Peptide arrays for kinome analysis: New opportunities and remaining challenges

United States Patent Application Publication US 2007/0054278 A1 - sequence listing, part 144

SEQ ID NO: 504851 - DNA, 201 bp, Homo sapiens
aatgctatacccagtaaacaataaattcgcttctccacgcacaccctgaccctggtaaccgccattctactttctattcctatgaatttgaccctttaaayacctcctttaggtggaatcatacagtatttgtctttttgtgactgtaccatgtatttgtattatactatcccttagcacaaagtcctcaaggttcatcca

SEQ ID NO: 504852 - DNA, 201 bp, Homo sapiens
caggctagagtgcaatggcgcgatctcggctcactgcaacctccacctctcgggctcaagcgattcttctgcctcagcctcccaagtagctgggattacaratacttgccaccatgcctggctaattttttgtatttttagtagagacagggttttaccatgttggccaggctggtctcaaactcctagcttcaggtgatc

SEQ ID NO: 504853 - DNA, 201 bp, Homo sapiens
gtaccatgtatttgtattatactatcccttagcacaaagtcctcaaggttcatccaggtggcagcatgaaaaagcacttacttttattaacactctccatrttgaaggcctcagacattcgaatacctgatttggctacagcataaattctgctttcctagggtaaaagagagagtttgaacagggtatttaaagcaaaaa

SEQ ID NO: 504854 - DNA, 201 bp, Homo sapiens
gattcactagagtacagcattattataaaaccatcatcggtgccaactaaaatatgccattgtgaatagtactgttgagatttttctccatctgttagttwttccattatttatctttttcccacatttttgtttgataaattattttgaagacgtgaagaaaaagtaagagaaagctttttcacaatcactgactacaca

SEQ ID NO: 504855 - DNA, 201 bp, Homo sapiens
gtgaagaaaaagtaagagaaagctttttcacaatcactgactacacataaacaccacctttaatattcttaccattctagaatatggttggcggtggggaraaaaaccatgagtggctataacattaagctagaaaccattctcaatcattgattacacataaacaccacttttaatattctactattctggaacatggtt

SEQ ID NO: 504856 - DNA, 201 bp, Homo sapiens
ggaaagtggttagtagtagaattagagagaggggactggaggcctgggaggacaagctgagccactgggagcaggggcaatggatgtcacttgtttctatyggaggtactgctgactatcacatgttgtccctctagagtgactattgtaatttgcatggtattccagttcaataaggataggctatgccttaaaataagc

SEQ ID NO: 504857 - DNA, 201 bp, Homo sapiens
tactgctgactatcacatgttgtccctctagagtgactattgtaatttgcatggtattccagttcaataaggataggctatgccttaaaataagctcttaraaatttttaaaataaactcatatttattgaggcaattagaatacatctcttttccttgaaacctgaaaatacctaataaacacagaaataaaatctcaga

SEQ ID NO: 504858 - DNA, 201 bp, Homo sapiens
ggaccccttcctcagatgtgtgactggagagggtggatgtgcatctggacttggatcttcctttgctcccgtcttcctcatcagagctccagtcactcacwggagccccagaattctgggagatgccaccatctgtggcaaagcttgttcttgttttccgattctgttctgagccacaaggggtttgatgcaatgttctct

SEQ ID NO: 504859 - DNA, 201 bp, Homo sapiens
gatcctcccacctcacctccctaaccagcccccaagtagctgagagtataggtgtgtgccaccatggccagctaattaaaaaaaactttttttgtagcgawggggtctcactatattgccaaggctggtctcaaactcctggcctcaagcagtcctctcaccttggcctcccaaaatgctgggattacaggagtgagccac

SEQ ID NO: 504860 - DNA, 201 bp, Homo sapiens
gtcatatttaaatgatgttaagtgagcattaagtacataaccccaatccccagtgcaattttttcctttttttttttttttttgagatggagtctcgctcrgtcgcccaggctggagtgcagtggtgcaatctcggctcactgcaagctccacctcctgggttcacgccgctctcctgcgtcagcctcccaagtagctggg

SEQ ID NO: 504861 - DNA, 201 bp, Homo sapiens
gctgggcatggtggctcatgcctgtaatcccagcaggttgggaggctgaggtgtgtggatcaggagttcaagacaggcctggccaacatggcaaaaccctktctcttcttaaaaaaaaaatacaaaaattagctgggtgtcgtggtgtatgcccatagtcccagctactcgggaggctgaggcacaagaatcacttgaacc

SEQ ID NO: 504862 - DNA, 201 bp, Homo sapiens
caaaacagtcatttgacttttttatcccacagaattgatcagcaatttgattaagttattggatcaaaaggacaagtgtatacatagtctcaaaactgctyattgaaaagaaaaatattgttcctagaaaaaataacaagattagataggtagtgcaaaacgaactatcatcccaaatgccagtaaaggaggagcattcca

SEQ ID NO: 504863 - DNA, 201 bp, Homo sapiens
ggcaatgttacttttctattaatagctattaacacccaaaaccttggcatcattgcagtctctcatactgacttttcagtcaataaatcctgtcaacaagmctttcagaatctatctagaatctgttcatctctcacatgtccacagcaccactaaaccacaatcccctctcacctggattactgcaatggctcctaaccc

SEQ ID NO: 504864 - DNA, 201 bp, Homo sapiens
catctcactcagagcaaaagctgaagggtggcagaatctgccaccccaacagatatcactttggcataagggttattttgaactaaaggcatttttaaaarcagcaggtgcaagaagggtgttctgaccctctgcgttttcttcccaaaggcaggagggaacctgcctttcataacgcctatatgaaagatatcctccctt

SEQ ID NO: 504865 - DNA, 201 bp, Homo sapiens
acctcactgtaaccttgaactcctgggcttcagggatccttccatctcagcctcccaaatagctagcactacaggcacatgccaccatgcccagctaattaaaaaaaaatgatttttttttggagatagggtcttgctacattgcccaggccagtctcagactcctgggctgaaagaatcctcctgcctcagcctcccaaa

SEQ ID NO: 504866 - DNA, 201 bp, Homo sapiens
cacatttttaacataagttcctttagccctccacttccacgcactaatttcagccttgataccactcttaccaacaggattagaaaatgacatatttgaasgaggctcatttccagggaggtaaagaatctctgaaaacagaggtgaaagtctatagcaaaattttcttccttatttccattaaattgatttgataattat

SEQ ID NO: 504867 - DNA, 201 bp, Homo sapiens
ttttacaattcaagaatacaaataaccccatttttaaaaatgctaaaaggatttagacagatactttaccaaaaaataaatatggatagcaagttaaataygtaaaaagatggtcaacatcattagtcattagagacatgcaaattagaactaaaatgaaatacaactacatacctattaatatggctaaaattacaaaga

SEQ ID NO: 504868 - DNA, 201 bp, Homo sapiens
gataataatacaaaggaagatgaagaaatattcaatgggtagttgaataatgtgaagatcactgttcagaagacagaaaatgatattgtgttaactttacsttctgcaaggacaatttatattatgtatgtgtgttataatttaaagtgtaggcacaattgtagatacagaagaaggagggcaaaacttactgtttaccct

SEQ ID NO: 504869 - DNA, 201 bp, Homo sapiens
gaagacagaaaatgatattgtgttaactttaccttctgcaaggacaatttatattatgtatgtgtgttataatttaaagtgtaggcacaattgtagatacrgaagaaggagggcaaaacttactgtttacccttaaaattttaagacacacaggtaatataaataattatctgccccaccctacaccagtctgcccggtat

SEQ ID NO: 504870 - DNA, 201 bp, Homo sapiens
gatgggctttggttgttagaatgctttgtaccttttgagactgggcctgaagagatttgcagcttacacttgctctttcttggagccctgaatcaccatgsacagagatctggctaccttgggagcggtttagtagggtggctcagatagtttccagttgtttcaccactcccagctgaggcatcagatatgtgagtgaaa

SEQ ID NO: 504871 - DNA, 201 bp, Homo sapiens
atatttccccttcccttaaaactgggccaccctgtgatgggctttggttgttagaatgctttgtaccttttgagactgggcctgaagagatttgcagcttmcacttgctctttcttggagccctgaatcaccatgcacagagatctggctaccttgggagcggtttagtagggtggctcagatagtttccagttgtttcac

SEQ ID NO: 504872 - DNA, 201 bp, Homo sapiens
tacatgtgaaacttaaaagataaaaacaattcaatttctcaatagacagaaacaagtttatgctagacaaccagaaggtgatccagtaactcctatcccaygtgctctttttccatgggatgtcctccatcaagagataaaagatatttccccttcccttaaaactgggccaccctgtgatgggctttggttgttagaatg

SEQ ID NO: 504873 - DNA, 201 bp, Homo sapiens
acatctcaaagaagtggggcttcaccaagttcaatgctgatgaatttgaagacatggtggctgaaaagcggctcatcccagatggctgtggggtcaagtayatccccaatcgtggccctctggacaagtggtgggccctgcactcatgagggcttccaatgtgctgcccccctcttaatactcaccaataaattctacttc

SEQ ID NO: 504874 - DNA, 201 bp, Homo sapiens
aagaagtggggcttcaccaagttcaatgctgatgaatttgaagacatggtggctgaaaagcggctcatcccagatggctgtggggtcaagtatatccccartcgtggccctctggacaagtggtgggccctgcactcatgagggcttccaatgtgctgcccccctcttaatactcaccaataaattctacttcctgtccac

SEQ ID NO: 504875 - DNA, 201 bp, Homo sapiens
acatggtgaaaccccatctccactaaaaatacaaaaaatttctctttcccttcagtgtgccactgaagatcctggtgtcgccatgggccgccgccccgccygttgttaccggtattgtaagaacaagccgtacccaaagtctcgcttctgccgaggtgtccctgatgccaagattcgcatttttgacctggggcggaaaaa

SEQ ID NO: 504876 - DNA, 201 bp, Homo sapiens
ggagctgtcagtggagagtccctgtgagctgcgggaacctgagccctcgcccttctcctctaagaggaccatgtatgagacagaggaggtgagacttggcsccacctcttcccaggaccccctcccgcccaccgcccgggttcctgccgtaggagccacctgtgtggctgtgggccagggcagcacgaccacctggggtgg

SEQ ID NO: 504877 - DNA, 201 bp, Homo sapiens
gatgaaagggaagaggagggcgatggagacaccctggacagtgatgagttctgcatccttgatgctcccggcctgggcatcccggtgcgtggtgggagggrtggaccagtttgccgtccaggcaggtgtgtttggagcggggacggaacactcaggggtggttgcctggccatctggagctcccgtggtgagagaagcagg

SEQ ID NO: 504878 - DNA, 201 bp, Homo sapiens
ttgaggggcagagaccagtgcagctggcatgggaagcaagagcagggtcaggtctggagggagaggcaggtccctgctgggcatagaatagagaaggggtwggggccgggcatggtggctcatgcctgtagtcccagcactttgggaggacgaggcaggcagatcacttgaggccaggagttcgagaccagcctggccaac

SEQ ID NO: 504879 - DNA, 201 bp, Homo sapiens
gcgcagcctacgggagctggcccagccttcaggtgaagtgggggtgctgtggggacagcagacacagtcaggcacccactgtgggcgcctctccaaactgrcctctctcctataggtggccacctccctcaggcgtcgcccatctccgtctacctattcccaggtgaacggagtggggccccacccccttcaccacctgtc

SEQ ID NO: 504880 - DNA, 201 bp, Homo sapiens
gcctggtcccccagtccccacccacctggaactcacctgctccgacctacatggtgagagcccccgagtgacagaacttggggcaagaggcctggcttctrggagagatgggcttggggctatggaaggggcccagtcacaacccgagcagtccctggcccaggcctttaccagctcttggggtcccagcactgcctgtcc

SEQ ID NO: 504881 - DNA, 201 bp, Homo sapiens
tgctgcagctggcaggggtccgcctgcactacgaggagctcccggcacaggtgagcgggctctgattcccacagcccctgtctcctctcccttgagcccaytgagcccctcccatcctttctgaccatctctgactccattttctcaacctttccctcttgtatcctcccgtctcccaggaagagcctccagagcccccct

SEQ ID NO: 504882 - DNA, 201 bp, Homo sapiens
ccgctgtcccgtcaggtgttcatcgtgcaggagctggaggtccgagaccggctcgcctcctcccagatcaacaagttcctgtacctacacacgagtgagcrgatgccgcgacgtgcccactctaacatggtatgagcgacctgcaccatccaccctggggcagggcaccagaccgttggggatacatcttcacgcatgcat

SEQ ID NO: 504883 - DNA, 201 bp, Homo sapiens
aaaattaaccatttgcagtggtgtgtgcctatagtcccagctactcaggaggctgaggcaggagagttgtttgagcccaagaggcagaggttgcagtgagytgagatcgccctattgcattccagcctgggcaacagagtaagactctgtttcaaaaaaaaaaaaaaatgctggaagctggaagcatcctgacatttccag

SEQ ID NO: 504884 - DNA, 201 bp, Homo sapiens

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<ul><li><p>REVIEW</p><p>Peptide arrays for kinome analysis: New opportunities</p><p>and remaining challenges</p><p>Ryan Arsenault1,2, Philip Griebel2,3 and Scott Napper1,2</p><p>1 Department of Biochemistry, University of Saskatchewan, Saskatoon, Saskatchewan, Canada2 Vaccine and Infectious Disease Organization, University of Saskatchewan, Saskatoon, Saskatchewan,</p><p>Canada3 School of Public Health, University of Saskatchewan, Saskatoon, Saskatchewan, Canada</p><p>Received: May 31, 2011</p><p>Revised: September 28, 2011</p><p>Accepted: October 4, 2011</p><p>Phosphorylation is the predominant mechanism of post-translational modification for</p><p>regulation of protein function. With central roles in virtually every cellular process, and</p><p>strong linkages with many diseases, there is a considerable interest in defining, and ulti-</p><p>mately controlling, kinase activities. Investigations of human cellular phosphorylation events,</p><p>which includes over 500 different kinases and tens of thousands of phosphorylation targets,</p><p>represent a daunting challenge for proteomic researchers and cell biologists alike. As such,</p><p>there is a priority to develop tools that enable the evaluation of cellular phosphorylation events</p><p>in a high-throughput, and biologically relevant, fashion. Towards this objective, two distinct,</p><p>but functionally related, experimental approaches have emerged; phosphoproteome investi-</p><p>gations, which focus on the sub-population of proteins which undergo phosphorylation and</p><p>kinome analysis, which considers the activities of the kinase enzymes mediating these</p><p>phosphorylation events. Within kinome analysis, peptide arrays have demonstrated consid-</p><p>erable potential as a cost-effective, high-throughput approach for defining phosphorylation-</p><p>mediated signal transduction activity. In particular, a number of recent advances in the</p><p>application of peptide arrays for kinome analysis have enabled researchers to tackle</p><p>increasingly complex biological problems in a wider range of species. In this review, recent</p><p>advances in kinomic analysis utilizing peptides arrays including several of the biological</p><p>questions studied by our group, as well as outstanding challenges still facing this technology,</p><p>are discussed.</p><p>Keywords:</p><p>Kinase / Kinome / Peptide array / Phosphoproteome / Phosphorylation /</p><p>Protein arrays</p><p>1 Background</p><p>In the late 1950s, Krebs and Fischer were the first to</p><p>describe the role of reversible protein phosphorylation for</p><p>the regulation of enzymatic activity [1, 2]. For this pivotal</p><p>contribution to science they were awarded the Nobel Prize.</p><p>Protein kinases, which catalyze the transfer of the g phos-phate group from ATP to specific serine, threonine or</p><p>tyrosine hydroxyl groups in a target protein substrate, are</p><p>now recognized as one of the largest and most important</p><p>enzyme classes. Consisting of over 500 members, human</p><p>protein kinases are responsible for modifying an estimated</p><p>one-third of the human proteome [3, 4] with many members</p><p>of the proteome undergoing complex patterns of kinase</p><p>modification at multiple sites to generate distinct isoforms</p><p>with unique functional characteristics. The presence and</p><p>dynamic nature of these phosphorylation isoforms adds a</p><p>daunting layer of complexity to characterizing and under-</p><p>standing the proteome. While much is unknown of how</p><p>Colour Online: See the article online to view Figs. 1, 35 in colour.</p><p>Abbreviations: Bregs, regulatory B cells; LPS, lipopolysaccharide;</p><p>ODN, oligodeoxynucleotide; PP, Peyers Patch; TLR, Toll-like</p><p>receptor</p><p>Correspondence: Dr. Scott Napper, Department of Biochemistry,</p><p>University of Saskatchewan, 120 Veterinary Road, University of</p><p>Saskatchewan, Saskatoon, Saskatchewan, S7N 5E3 Canada</p><p>E-mail: scott.napper@usask.ca</p><p>Fax: 11-306-966-7478</p><p>&amp; 2011 WILEY-VCH Verlag GmbH &amp; Co. KGaA, Weinheim www.proteomics-journal.com</p><p>Proteomics 2011, 11, 45954609 4595DOI 10.1002/pmic.201100296</p></li><li><p>these modifications, even within a static infrastructure of</p><p>proteins, achieve complex biological responses, there is a</p><p>growing appreciation of the importance of kinases in</p><p>controlling cellular responses and of the potential for char-</p><p>acterizations of global kinase activity (the kinome) to offer</p><p>critical insight into biology.</p><p>There is a considerable debate as to the most appropriate</p><p>level at which to define cell responses. Transcriptional</p><p>analysis, based largely on availability and maturity of the</p><p>approach, remains the most widely applied technique for</p><p>global analysis of cellular responses. However, due to a</p><p>multitude of post-transcriptional regulatory events, there are</p><p>concerns that descriptions of patterns of gene expression, no</p><p>matter how comprehensive, do not accurately describe or</p><p>predict cellular phenotypes. Specifically, a major criticism of</p><p>genetic approaches is their inability to consider post-</p><p>transcription regulatory events such as gene silencing,</p><p>mRNA stability, unique translational efficiencies, protein</p><p>turnover, sequestration of enzymes away from substrates,</p><p>and activation and deactivation of proteins by any number of</p><p>post-translational modifications. Intuitively, characteriza-</p><p>tions of host responses that occur closer to the functional</p><p>phenotype should have greater potential to circumvent these</p><p>complicating factors and offer a clearer picture of cellular</p><p>response. From this perspective, protein kinases are at the</p><p>core of signal transduction with central roles in regulation of</p><p>virtually every aspect of cellular behavior. Through their</p><p>ability to modulate protein conformation and functional</p><p>characteristics, kinases control diverse processes such as</p><p>metabolism, transcription, cell cycle progression, cytoskeletal</p><p>rearrangement and cell movement, apoptosis, and differ-</p><p>entiation. As such, characterizations of host cellular</p><p>responses at the level of phosphorylation-mediated signal</p><p>transduction have the potential to offer important, and</p><p>predictive, insight in cellular mechanisms of phenotypes.</p><p>Investigations of cellular response at the level of protein</p><p>phosphorylation are also important and appropriate as the</p><p>disruption of kinase-mediated signaling cascades are asso-</p><p>ciated with a spectrum of diseases including cancer,</p><p>inflammation, neurological disorders and diabetes [5].</p><p>Indeed within the human genome, over 250 protein kinase</p><p>genes map to disease loci [6]. The involvement of kinases in</p><p>disease typically results from improper levels of expression/</p><p>localization/activity or mutations in the protein sequences</p><p>that alter these activities.</p><p>The role of kinases in many diseases, as well as their</p><p>regulatory role in many central pathways, makes them</p><p>logical targets for drug therapy [7]. Fortuitously, the</p><p>conserved catalytic cleft of the kinases is highly attractive for</p><p>drug design making the kinases highly druggable [8].</p><p>Kinase inhibitors have also been proposed as a more precise</p><p>mechanism for therapeutic intervention than other strate-</p><p>gies such as the targeted down-regulation of particular</p><p>genes. Not surprisingly, the central role of kinases in many</p><p>diseases, cancer in particular, and the potential to treat</p><p>complex phenotypes by targeting specific biomolecules,</p><p>have prompted drug companies to invest considerable effort</p><p>into the development of kinase inhibitors. There are esti-</p><p>mates that approximately half of the current Research and</p><p>Development budget of the pharmaceutical industry is</p><p>focused on kinases and their inhibitors. Kinases are the</p><p>most frequently targeted gene class in cancer therapeutics,</p><p>and are second only to G protein-coupled receptors across all</p><p>therapeutic areas [7, 8]. In addition to the immediate value</p><p>of these emerging molecules as therapeutics, these inhibi-</p><p>tors also represent a valuable resource with the potential for</p><p>utilization in research for hypothesis validation. Given the</p><p>magnitude of effort devoted towards their development it is</p><p>certain that additional kinase inhibitors, of greater range</p><p>and improved specificity, will be developed.</p><p>There are a number of licensed, and soon-to-be licensed,</p><p>kinase inhibitors that emphasize the potential of these</p><p>targets. Gleevac (imatinib), a potent inhibitor of the consti-</p><p>tutively active breakpoint cluster region-Abelson murine</p><p>leukemia viral oncogene homolog 1 (BCR-ABL) fusion</p><p>protein, is approved for the treatment of leukemia and</p><p>gastrointestinal stromal tumors [9, 10]. Other protein kinase</p><p>inhibitors, such as the epidermal growth factor receptor</p><p>(EGFR) inhibitors (Tarceva, Genetech) and getinib (Iressa</p><p>AstraZeneca, London UK), have either received FDA</p><p>approval or are in the late stage clinical development to treat</p><p>different cancers [11, 12]. The potential therapeutic value of</p><p>kinase inhibitors is not limited to the treatment of cancers.</p><p>For example, ruboxistaurin to treat diabetic retinopathy,</p><p>safingol, a protein kinase C inhibitor, for treatment of</p><p>atopical dermatitis and fasudil, which has received approval</p><p>in Japan, for treatment of cerebral ischemia. Therapeutic</p><p>modulation of kinase activity can also have anti-inflamma-</p><p>tory and immunosuppressive effects. For example, two</p><p>critical immunosuppressive drugs, cyclosporine A and</p><p>rapamycin, function through modulation of the phosphor-</p><p>ylation status of the cell; cyclosporine A through inhibition</p><p>of a phosphatase [13] and rapamycin through inhibition of a</p><p>kinase [14]. Other anti-inflammatory drugs that suppress</p><p>tumor necrosis factor (TNF)-a and interleukin (IL)-1bexpression also function through kinase inhibition [15].</p><p>1.1 Phosphoproteome and kinome analysis</p><p>A number of experimental approaches are available for the</p><p>analysis of phosphorylation based cellular signaling, these</p><p>can be divided into two groups, phosphoproteome and</p><p>kinome analysis [16]. The difference is dependent on</p><p>whether the consideration is on the protein kinases that</p><p>phosphorylate proteins, the kinome, or the targets of these</p><p>enzymes, the phosphoproteome. While these types of</p><p>analysis are strongly linked, representing the same biologi-</p><p>cal phenomena, and are at times considered interchange-</p><p>able, the experimental approaches are distinct. We suggest a</p><p>strict delineation where phosphoproteome analysis consid-</p><p>ers only the proteins containing phosphoryl groups and the</p><p>4596 R. Arsenault et al. Proteomics 2011, 11, 45954609</p><p>&amp; 2011 WILEY-VCH Verlag GmbH &amp; Co. KGaA, Weinheim www.proteomics-journal.com</p></li><li><p>kinome refers to the enzymatic activities of the kinase</p><p>compliment of a cell, regardless of substrate target. This</p><p>distinction between the two should not be exaggerated,</p><p>however, as the phosphoproteome represents the net action</p><p>of the kinome, as well as that of active phosphatases.</p><p>Phosphoproteome analysis seeks to define the sub-</p><p>population of the proteome with respect to the identities and</p><p>points of phosphorylation. Phosphoproteome analysis</p><p>shares the same challenges that are associated with standard</p><p>proteomic analysis but is complicated experimentally by: the</p><p>relative scarcity of phosphoproteome members, the dynamic</p><p>nature of protein phosphorylation and the proteome size</p><p>overwhelming, or suppressing, the ability to detect the</p><p>phosphoproteome [1719]. The small concentration of</p><p>phosphoproteins relative to the entire proteome is a signif-</p><p>icant challenge in phosphoproteome analysis. While a large</p><p>fraction of the proteome undergoes phosphorylation, many</p><p>of the proteins involved in signal transduction are expressed</p><p>at very low levels. Thus, the proteins of most interest when</p><p>studying cellular signaling are those that are the most</p><p>difficult to isolate. This is exacerbated by the fact that these</p><p>proteins, in addition to being found in low abundance, are</p><p>often phosphorylated at sub-stoichiometric levels. This</p><p>means that a small fraction of a given signaling protein is</p><p>phosphorylated at any one time; only 12% of the total</p><p>individual protein compliment of a cell is found in the</p><p>phosphorylated form [1619]. When considering all these</p><p>experimental limitations, a promising alternative for char-</p><p>acterization of cellular phosphorylation is to focus instead</p><p>on the kinome. Investigations of enzymatic activities offer</p><p>greater potential for targeted, and perhaps mostly impor-</p><p>tantly, sensitive, analysis. Specifically, the well-defined and</p><p>highly conserved chemistry of enzymatic phosphorylation</p><p>permits rapid characterization of kinase activity, provided an</p><p>appropriate substrate is available.</p><p>1.2 Kinome Analysis through peptide arrays</p><p>A central obstacle for global kinome analysis is the nature of</p><p>the substrates to be employed. While proteins are the</p><p>physiological substrates for the kinases they are problematic</p><p>to mass produce and relatively unstable on array format. An</p><p>alternative is to use peptides that represent sequences</p><p>surrounding a site of phosphorylation. Many protein kina-</p><p>ses recognize phosphoacceptor sites determined by residues</p><p>surrounding the phosphorylated amino acid, as opposed to</p><p>higher order secondary or tertiary structures. Specifically,</p><p>the target specificity of many kinases is a function of the</p><p>residues in the 14 and 4 flanking positions of the phos-phoacceptor site [20]. Synthetic peptides modeled on the site</p><p>of phosphorylation have been shown to be appropriate</p><p>substrates with Vmax and Km values approaching that of theintact protein [21]. Relative to the complete protein, peptides</p><p>are easily synthesized, inexpensive, highly stable and</p><p>amenable to array technology [22]. Construction of arrays</p><p>representing hundreds to thousands of immobilized</p><p>peptides allows the profiling of cellular signaling activities</p><p>by determining the activities of hundreds of kinases in a</p><p>single experiment.</p><p>The basic premise of kinome analysis through peptide</p><p>arrays is that peptides representing the phosphorylation</p><p>target sites of proteins are synthesized and spotted onto an</p><p>array surface [23]. Detailed review of the commonly</p><p>employed methodologies for peptide synthesis and array</p><p>spotting are available elsewhere [16]. Following production</p><p>of the array a sample containing active kinase, or kinases,</p><p>such as a cellular lysate, is applied for the array and these</p><p>enzymes phosphorylate their respective target sequences</p><p>using ATP as the phosphate source. This phosphorylation</p><p>event is visualized using one of a number of methods</p><p>including phosphorylation-specific antibodies, radioactivity</p><p>or phospho-specific stains (Fig. 1). Quantification of the</p><p>extent of phosphorylation of a given peptide by lysates</p><p>representing different experimental conditions (control</p><p>versus for treatment) enable evaluation of relative kinase</p><p>activity. It is also possible to infer the extent of cellular</p><p>phosphorylation of the protein that is represented by the</p><p>peptide.</p><p>A large number of peptide arrays for kinome analysis are</p><p>commercially available. These arrays range in size from</p><p>dozens to thousands of peptides, representing defined</p><p>phosphorylation sites. A partial listing of the peptide arrays</p><p>that are currently available for kinome analysis is presented</p><p>in (Table 1).</p><p>2 Success stories</p><p>While still an emerging technology, the literature contains</p><p>numerous examples of the successful application of peptide</p><p>arrays for kinome analysis. The following studies carried out</p><p>by...</p></li></ul>